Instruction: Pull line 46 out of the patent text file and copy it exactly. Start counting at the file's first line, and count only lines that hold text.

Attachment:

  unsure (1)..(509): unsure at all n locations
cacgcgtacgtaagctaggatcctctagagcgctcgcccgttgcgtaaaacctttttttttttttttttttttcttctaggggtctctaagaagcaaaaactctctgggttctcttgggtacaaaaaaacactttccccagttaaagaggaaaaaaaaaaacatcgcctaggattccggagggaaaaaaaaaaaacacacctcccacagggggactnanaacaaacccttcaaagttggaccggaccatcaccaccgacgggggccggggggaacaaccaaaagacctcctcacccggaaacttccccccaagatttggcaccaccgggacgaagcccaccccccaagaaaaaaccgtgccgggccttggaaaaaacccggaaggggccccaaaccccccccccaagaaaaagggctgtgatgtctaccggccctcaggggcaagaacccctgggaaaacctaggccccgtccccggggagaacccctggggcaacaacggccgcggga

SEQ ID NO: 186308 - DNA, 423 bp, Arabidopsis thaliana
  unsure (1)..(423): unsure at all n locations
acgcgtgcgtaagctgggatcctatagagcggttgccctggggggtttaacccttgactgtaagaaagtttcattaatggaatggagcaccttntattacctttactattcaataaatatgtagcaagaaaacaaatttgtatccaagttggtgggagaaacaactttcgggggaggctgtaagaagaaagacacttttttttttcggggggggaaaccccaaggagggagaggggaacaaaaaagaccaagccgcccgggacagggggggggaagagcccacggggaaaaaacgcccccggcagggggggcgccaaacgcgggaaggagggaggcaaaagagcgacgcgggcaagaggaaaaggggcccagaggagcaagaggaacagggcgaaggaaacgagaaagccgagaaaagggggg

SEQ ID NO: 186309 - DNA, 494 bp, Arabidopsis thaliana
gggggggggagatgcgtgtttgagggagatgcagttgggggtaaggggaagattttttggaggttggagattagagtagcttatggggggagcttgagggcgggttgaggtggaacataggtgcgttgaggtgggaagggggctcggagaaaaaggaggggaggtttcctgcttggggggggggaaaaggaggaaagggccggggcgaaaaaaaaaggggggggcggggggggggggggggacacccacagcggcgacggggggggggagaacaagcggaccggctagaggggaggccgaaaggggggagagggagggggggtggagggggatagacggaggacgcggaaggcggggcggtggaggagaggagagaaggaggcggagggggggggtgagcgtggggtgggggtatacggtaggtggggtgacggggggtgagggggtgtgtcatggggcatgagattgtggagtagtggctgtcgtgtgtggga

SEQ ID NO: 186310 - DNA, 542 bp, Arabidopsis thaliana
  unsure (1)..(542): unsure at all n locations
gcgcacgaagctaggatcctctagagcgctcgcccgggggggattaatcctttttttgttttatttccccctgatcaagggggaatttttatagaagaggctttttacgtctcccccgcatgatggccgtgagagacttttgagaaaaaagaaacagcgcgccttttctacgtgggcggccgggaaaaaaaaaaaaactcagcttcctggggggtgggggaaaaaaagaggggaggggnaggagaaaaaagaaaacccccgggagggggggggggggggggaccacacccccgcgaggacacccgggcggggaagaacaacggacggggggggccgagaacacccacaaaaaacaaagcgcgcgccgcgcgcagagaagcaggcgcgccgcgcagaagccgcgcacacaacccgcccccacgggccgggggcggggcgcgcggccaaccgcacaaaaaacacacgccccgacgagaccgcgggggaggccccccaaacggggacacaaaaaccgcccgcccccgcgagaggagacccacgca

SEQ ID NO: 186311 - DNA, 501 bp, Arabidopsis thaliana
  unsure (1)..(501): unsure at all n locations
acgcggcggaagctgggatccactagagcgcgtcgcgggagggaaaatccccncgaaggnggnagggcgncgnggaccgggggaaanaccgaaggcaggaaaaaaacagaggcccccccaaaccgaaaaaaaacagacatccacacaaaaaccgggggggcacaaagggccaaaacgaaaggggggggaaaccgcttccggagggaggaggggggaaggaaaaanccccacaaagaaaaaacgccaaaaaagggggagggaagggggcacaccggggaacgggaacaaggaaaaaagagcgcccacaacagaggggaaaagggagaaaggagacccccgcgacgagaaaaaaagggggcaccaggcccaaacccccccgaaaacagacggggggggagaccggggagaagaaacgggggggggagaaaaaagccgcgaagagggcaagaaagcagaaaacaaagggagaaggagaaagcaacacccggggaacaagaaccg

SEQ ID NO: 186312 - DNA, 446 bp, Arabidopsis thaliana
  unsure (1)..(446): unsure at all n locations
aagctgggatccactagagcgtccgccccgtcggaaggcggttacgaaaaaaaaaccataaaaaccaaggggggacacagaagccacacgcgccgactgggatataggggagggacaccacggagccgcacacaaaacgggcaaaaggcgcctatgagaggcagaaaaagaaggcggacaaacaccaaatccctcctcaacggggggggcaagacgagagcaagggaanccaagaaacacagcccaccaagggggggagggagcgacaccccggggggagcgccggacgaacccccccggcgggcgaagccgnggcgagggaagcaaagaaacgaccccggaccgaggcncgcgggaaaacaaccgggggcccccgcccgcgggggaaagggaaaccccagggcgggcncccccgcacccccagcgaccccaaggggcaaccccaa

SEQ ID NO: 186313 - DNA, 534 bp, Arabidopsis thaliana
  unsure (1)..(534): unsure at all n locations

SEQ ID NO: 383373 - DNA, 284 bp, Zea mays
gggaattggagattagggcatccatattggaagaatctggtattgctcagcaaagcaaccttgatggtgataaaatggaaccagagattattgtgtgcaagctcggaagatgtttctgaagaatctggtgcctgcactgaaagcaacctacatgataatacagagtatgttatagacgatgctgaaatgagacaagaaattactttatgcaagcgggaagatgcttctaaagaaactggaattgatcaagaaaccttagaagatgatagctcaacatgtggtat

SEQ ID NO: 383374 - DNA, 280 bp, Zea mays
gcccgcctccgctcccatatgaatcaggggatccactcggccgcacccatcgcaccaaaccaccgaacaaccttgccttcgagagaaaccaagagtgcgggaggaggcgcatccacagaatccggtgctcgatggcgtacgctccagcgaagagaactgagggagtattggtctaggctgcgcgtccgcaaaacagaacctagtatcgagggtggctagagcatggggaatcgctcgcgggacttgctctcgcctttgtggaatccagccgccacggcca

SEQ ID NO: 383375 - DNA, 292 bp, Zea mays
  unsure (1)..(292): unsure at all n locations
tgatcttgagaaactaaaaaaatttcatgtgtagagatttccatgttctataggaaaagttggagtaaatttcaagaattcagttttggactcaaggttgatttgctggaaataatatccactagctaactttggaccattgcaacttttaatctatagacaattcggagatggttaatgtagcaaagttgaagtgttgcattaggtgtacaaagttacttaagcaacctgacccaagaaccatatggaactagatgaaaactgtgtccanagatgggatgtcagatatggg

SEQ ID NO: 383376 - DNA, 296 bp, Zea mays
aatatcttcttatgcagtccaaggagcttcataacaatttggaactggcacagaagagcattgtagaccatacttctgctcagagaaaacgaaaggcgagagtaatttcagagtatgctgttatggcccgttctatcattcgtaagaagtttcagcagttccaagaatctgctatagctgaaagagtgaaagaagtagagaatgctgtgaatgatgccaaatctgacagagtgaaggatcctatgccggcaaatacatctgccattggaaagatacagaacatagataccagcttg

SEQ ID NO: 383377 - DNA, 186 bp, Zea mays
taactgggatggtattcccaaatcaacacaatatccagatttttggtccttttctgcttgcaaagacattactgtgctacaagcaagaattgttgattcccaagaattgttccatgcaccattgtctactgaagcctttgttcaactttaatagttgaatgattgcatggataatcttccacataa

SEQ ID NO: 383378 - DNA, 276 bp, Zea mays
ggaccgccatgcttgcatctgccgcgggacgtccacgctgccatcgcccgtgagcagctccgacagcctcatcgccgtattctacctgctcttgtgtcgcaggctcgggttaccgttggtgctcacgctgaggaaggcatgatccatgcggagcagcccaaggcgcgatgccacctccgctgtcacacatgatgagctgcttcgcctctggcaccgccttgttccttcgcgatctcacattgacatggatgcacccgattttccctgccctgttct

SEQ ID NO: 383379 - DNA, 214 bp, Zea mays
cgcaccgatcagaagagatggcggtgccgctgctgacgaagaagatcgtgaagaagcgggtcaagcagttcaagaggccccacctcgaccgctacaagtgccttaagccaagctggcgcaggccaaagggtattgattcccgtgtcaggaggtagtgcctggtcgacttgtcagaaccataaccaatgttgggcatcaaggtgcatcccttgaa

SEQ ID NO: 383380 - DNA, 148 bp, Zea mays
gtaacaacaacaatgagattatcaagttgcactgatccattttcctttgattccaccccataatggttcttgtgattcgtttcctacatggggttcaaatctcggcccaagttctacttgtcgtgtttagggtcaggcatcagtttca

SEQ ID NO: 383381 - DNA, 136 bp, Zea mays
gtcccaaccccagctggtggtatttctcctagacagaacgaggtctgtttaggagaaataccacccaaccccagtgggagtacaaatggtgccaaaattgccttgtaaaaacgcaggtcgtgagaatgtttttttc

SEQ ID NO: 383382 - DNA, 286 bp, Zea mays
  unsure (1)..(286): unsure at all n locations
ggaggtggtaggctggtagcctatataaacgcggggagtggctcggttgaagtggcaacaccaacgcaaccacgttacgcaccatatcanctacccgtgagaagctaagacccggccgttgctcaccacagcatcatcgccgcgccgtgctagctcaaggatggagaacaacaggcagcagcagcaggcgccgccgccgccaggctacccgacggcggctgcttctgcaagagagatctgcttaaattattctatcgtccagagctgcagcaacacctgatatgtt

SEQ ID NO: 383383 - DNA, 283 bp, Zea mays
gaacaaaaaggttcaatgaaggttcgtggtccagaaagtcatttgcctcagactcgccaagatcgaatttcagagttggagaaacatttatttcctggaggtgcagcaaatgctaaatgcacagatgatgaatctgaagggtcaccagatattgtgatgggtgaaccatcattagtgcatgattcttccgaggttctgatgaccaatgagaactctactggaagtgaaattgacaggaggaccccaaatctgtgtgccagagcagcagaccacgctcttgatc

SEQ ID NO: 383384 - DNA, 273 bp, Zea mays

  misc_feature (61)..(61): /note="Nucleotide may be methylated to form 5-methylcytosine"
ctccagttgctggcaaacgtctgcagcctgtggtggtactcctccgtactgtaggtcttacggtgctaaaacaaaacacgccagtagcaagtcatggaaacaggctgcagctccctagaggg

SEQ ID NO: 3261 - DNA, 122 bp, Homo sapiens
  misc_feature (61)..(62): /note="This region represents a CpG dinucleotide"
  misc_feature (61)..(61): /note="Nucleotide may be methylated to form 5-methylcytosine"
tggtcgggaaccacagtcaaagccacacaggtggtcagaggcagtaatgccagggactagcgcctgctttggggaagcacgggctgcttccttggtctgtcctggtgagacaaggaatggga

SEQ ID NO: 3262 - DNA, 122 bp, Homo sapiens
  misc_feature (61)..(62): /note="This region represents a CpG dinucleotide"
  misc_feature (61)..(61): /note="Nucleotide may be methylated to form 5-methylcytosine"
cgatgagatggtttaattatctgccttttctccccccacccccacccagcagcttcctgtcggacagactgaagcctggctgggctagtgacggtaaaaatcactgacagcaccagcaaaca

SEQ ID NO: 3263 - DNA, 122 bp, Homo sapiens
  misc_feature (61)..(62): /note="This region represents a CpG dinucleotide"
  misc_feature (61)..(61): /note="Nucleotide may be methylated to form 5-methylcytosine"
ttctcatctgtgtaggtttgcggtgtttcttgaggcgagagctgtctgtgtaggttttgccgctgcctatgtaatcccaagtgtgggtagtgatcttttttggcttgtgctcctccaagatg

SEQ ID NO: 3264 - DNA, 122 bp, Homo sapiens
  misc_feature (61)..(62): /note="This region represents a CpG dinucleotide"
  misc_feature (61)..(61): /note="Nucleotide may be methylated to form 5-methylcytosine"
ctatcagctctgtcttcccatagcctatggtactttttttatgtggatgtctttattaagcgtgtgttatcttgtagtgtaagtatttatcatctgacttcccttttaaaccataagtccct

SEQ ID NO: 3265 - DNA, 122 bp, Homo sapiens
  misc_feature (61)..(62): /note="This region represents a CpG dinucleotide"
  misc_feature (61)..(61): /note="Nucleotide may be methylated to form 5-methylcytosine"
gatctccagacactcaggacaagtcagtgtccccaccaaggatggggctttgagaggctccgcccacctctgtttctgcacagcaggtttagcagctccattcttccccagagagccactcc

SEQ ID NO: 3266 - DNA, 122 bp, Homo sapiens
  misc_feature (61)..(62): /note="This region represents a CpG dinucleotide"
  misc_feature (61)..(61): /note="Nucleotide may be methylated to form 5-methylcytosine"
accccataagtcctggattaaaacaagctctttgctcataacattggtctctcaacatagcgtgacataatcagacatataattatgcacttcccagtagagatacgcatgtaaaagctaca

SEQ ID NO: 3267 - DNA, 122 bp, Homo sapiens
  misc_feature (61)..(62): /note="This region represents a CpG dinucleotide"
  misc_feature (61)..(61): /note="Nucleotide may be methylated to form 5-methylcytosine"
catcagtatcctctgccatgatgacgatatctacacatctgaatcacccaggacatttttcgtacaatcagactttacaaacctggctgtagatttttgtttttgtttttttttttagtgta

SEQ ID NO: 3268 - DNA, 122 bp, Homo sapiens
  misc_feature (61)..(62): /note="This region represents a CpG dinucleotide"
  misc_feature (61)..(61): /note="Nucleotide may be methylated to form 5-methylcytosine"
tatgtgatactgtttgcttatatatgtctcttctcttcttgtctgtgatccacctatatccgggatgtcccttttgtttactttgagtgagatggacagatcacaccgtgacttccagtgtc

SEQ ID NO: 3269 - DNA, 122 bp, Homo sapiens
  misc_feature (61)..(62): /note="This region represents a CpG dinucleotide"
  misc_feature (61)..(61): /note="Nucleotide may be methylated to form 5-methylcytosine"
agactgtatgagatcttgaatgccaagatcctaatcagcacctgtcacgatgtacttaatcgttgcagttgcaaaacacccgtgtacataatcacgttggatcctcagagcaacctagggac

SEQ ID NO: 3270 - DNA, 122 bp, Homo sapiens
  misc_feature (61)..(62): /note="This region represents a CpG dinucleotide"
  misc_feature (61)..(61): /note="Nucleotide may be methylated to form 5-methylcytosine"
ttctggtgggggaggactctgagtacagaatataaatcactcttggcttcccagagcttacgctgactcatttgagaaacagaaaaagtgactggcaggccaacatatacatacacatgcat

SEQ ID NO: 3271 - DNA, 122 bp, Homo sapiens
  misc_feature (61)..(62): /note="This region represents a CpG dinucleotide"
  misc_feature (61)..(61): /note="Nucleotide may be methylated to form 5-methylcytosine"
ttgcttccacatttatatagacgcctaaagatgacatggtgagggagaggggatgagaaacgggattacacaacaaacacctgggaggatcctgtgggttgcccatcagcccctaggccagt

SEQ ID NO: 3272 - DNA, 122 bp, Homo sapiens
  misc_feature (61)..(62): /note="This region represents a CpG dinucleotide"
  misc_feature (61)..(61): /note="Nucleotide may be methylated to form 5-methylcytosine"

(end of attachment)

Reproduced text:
SEQ ID NO: 3261 - DNA, 122 bp, Homo sapiens